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Monday, 12 January 2009

The Target is Iran: Israel's Latest Gamble May Backfire

What we have witnessed in Gaza since December 27 is the implementation of one crucial part of an Anglo-American strategic doctrine for redrawing the map of the Middle East (within a broader context), known as the "Clean Break."

This doctrine had been cooked up by Dick Cheney's neocon task force in 1996 and served to then-aspiring PM Benjamin Netanyahu, on a silver platter. The policy had been fashioned by Richard Perle, Douglas Feith, David Wurmser and his wife Meyrav, among others, under the auspices of the Institute for Advanced Strategic and Political Studies in Jerusalem. The paper, which was one in a series of strategic policy papers from 1992 on, outlining how the Anglo-Americans could establish world hegemony in the post-Cold War world, derived its name from the idea that Israel must make a "clean break" with the historic 1993 Oslo Accords between it and the Palestinian Authority, and revert to "a peace process and strategy based on an entirely {new intellectual foundation} one that restores strategic initiative and provides the nation the room to engage every possible energy on rebuilding Zionism, the starting point of which must be economic reform". (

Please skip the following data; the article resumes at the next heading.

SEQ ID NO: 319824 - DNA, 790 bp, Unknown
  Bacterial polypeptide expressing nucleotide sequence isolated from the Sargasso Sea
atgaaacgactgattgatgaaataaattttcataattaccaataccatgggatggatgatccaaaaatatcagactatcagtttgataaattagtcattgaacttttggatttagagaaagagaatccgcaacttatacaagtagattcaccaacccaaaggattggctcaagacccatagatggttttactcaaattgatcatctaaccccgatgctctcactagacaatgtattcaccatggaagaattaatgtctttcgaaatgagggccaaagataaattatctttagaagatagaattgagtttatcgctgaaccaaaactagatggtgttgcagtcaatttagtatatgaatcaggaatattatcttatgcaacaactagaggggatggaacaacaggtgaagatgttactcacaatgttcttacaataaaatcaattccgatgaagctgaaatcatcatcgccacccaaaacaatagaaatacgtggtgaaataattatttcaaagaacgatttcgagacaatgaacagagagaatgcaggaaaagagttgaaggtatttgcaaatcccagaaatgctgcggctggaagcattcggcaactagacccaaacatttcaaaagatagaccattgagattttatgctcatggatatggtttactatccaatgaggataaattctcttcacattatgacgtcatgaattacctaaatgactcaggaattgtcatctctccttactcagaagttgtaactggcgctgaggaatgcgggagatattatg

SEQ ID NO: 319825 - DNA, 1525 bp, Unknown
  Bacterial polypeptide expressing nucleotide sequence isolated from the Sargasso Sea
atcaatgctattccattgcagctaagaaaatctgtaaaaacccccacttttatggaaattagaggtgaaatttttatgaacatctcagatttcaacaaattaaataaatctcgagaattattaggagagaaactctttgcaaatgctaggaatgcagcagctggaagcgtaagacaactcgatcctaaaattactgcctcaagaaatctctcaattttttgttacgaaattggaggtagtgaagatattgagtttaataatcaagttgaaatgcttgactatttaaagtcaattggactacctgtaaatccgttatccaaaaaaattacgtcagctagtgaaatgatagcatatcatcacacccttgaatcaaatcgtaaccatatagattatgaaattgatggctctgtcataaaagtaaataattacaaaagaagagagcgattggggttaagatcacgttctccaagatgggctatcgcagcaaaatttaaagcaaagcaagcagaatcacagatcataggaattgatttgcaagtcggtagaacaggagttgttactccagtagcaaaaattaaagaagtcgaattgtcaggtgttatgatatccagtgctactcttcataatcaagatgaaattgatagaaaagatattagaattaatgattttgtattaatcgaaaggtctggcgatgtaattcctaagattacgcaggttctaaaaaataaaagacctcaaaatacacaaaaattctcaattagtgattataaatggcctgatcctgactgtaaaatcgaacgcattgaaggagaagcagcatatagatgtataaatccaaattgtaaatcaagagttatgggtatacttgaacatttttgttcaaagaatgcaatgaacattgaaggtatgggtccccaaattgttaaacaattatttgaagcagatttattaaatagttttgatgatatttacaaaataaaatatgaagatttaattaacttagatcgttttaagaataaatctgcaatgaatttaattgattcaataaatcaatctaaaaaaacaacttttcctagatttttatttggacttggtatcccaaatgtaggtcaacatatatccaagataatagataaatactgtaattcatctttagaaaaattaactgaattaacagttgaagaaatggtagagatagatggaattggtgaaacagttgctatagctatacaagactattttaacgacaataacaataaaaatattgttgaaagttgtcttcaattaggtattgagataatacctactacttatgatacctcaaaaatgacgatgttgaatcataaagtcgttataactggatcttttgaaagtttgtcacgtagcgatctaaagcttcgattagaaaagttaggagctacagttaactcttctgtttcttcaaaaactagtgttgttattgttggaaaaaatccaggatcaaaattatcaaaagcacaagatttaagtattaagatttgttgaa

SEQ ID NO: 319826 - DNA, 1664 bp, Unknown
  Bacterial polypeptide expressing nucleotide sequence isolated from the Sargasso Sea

This new approach involved Israeli initiatives to secure its northern borders: "Syria challenges Israel on Lebanese soil. An effective approach, and one with which America can sympathize, would be if Israel seized the strategic initiative along its northern borders by engaging Hezbollah, Syria, and Iran, as the principal agents in Lebanon..." This did not exclude attacks by proxy Israeli forces on Syria from Lebanon, targetting Syrian sites in Lebanon as well as in Syria proper.

The doctrine went on to develop the idea that Israel, "in cooperation with Turkey and Jordan" could shape the strategic environment "by weakening, containing and even rolling back Syria." "This effort can focus on removing Saddam Hussein from power in Iraq," the paper specified. As for the Palestinian question, "Clean Break" was equally explicit: "Israel has a chance to forge a new relationship between itself and the Palestinians. First and foremost, Israel's efforts to secure its streets may require hot pursuit into Palestinian controlled areas, a justifiable practice with which Americans can sympathize..." More

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